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ceive how any Inspiration, which doth not over-rule the Will and Affections, as well as convince the Understanding, fhould be of more Efficacy upon the Minds and Lives of fuch Men, than the Notion of a God is. For if Men can so ftifle the Notion of a God in their Minds, as to doubt whether there be any God or no, or at least to act as if there were none; no Reafon can be given why they might not as well act against any Conviction which they might receive by Infpiration, or any other way of immediate Revelation, (unlefs it had an irresistible effect upon them,) and either take it all for Fancy and Delufion, or else so harden themselves against it, as not to be reclaimed by it: And of this we have Balaam for an Example, who, notwithstanding the Revelations he received from God, loved the wages of unrighteousness, 2 Pet. ii. 15.

But, above all Men, the profane and obftinate Unbelievers can have leaft Reason to expect that God fhould vouchfafe them an immediate Revelation. The Jews have obferved, that the Spirit of Prophecy refted only upon Men of regular and pure Affections, of gentle, and meek, and tractable Difpofitions. For the Lord will be found of them that tempt him not, and Sheweth himself to fuch as do not diftruft him; for froward thoughts feparate from God: into a malicious foul wisdom fhall not enter, nor dwell in the body that is fubject unto fin. For the holy Spirit of difcipline will flee deceit, and remove from thoughts that are without understanding, and will not abide when unrighteoufnefs cometh in, Wifd. i. 2, 3, 4, 5. And to the fame purpose Philo fpeaks. And for this reason, when Jofeph had the Interpretation of Dreams revealed to him, i the Word of the Lord is faid to try him, or to purge, to clear, and justifie him; it being evident, that God would not in that manner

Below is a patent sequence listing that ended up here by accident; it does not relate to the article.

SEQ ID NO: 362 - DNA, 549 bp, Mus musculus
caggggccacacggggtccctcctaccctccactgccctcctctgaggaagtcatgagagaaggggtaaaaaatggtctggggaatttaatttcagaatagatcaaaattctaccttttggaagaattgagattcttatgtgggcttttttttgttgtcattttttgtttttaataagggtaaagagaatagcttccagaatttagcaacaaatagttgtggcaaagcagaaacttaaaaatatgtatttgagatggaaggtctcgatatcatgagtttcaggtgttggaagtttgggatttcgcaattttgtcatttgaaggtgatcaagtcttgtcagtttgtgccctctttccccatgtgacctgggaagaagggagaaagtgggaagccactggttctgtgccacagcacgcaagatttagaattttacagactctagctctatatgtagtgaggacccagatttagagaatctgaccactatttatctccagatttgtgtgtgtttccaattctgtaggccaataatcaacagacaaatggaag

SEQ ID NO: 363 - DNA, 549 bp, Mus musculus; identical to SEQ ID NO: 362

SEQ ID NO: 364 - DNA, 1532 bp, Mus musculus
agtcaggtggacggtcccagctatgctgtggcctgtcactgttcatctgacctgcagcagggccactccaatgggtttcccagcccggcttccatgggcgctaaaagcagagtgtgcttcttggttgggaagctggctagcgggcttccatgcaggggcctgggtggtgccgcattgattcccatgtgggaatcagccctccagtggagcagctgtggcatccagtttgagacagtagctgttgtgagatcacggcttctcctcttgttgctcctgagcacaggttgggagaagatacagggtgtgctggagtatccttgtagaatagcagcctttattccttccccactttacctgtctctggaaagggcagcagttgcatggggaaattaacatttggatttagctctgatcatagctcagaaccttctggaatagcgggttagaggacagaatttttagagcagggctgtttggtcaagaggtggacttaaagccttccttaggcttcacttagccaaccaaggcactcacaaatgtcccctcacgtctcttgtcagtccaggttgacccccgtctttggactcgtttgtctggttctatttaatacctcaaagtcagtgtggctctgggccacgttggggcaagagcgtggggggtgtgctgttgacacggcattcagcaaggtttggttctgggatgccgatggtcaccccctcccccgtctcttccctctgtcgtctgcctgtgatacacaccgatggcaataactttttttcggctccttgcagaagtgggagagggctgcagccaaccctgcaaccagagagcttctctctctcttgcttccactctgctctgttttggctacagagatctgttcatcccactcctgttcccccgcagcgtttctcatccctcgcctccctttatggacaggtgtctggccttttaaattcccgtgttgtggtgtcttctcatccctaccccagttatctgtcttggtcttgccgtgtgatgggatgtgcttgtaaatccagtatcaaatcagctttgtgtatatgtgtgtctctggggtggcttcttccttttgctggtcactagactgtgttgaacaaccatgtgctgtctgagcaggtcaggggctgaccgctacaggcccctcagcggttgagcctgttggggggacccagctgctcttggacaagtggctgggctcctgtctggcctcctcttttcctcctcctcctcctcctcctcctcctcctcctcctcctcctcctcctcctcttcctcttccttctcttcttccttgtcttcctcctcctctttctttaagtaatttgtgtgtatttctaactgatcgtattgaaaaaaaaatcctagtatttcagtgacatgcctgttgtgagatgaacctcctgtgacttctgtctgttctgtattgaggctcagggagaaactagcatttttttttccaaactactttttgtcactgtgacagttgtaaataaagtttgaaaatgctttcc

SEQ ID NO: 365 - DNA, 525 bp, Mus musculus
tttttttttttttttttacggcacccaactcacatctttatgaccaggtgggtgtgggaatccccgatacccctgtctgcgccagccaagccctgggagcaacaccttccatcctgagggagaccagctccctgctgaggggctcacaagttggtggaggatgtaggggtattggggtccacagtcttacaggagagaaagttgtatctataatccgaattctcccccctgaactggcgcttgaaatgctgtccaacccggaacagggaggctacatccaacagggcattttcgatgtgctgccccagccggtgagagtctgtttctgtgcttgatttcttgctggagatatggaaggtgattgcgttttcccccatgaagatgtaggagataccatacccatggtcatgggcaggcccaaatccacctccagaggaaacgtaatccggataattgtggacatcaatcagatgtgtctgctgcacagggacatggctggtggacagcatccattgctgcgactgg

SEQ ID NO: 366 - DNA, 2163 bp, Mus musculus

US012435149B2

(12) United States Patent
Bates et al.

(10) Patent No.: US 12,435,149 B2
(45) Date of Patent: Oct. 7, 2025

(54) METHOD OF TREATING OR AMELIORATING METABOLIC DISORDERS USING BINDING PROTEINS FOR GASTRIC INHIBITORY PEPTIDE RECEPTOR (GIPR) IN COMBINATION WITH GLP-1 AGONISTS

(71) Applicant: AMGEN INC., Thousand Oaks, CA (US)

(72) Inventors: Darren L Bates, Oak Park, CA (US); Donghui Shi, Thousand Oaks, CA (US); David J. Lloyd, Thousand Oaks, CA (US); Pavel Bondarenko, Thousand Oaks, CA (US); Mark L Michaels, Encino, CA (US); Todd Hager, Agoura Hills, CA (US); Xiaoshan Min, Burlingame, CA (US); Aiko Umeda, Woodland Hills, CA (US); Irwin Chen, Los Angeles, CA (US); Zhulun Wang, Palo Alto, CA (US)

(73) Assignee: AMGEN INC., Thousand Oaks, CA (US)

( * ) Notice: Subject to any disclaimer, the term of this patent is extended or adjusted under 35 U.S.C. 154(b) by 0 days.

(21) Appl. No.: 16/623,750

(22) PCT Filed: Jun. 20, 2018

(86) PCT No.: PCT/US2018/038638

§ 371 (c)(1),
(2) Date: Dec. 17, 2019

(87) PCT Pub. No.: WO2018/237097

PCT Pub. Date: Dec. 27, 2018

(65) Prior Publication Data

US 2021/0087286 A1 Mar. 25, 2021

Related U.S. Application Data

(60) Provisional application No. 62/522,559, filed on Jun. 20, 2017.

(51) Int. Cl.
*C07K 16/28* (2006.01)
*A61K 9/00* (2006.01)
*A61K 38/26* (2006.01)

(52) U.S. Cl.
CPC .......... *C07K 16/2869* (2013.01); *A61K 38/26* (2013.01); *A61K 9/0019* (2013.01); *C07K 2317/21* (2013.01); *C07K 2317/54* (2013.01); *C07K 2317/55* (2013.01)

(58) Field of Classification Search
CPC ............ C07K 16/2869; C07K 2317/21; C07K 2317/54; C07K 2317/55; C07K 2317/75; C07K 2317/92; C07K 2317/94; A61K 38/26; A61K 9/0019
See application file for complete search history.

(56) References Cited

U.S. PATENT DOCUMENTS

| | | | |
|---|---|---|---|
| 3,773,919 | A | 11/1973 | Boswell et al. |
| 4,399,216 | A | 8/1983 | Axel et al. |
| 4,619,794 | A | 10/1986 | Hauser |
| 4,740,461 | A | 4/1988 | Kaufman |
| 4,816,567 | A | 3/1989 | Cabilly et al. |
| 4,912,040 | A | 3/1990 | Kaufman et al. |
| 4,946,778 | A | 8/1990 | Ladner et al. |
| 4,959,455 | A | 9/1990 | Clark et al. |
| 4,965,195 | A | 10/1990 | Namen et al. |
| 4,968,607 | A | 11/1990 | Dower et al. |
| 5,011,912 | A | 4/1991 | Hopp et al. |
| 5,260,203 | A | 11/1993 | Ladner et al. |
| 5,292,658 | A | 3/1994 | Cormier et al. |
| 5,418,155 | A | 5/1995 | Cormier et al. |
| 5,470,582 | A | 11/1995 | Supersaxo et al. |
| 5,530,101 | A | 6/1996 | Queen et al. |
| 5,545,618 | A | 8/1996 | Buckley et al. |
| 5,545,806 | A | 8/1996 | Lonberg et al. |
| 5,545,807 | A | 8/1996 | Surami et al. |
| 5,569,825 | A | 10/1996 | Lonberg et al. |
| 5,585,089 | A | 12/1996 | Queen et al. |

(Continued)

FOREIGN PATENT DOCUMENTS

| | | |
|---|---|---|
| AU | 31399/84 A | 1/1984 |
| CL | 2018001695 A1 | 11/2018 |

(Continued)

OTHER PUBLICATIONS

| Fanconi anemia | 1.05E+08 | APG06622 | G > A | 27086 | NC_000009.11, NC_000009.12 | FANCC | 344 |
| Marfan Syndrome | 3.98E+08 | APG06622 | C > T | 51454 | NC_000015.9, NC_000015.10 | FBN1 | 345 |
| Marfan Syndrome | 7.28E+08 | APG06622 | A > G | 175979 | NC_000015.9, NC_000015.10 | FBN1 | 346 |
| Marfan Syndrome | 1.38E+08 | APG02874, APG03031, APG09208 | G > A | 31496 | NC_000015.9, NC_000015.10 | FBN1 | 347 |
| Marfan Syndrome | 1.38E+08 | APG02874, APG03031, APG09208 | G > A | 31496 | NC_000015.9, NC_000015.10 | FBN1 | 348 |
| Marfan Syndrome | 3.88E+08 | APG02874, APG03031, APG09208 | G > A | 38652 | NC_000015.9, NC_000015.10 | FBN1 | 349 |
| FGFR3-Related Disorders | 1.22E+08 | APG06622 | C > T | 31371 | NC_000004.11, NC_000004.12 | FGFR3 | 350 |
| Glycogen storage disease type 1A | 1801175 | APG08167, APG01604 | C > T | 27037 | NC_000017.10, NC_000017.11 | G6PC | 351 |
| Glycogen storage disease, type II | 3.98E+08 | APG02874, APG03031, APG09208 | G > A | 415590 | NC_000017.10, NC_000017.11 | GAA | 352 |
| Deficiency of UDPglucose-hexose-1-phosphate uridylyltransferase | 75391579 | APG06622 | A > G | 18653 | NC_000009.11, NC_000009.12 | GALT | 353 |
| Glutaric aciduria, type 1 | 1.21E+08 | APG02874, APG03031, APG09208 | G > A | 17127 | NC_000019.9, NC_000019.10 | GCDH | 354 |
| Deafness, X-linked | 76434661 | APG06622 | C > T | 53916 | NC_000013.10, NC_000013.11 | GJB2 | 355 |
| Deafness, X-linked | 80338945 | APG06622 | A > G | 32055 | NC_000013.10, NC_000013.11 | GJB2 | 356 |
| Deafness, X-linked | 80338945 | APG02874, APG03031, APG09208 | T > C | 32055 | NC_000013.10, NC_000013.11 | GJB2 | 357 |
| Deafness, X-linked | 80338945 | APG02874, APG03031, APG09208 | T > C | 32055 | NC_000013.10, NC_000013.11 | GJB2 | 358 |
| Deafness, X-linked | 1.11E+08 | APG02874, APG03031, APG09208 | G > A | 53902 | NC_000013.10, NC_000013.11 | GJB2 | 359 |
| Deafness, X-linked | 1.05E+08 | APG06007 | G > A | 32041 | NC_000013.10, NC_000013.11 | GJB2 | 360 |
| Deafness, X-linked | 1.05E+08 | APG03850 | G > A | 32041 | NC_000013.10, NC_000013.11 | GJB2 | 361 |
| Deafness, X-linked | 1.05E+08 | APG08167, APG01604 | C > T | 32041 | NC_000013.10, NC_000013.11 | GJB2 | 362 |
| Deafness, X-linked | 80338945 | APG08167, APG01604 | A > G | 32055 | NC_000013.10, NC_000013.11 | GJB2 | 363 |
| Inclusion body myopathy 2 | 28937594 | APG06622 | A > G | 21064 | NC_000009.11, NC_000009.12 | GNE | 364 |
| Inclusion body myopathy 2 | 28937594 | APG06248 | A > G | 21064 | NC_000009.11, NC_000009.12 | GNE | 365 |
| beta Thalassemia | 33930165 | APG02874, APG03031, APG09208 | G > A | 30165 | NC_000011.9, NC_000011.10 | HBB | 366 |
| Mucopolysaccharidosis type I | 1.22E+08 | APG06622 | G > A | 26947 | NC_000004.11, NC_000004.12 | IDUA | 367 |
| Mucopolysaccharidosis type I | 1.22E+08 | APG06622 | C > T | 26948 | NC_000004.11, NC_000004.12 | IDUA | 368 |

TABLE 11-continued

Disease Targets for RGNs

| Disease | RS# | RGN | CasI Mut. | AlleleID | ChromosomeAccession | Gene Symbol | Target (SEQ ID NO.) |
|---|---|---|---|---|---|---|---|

g Maimon. de Fundament. Legis. c. 7. §. 1.

h Quis rerum divinarum Hæres fit. Philo, p. 404.
iSee Dr. Hammond, on Pfal. cv. 19.

Infpire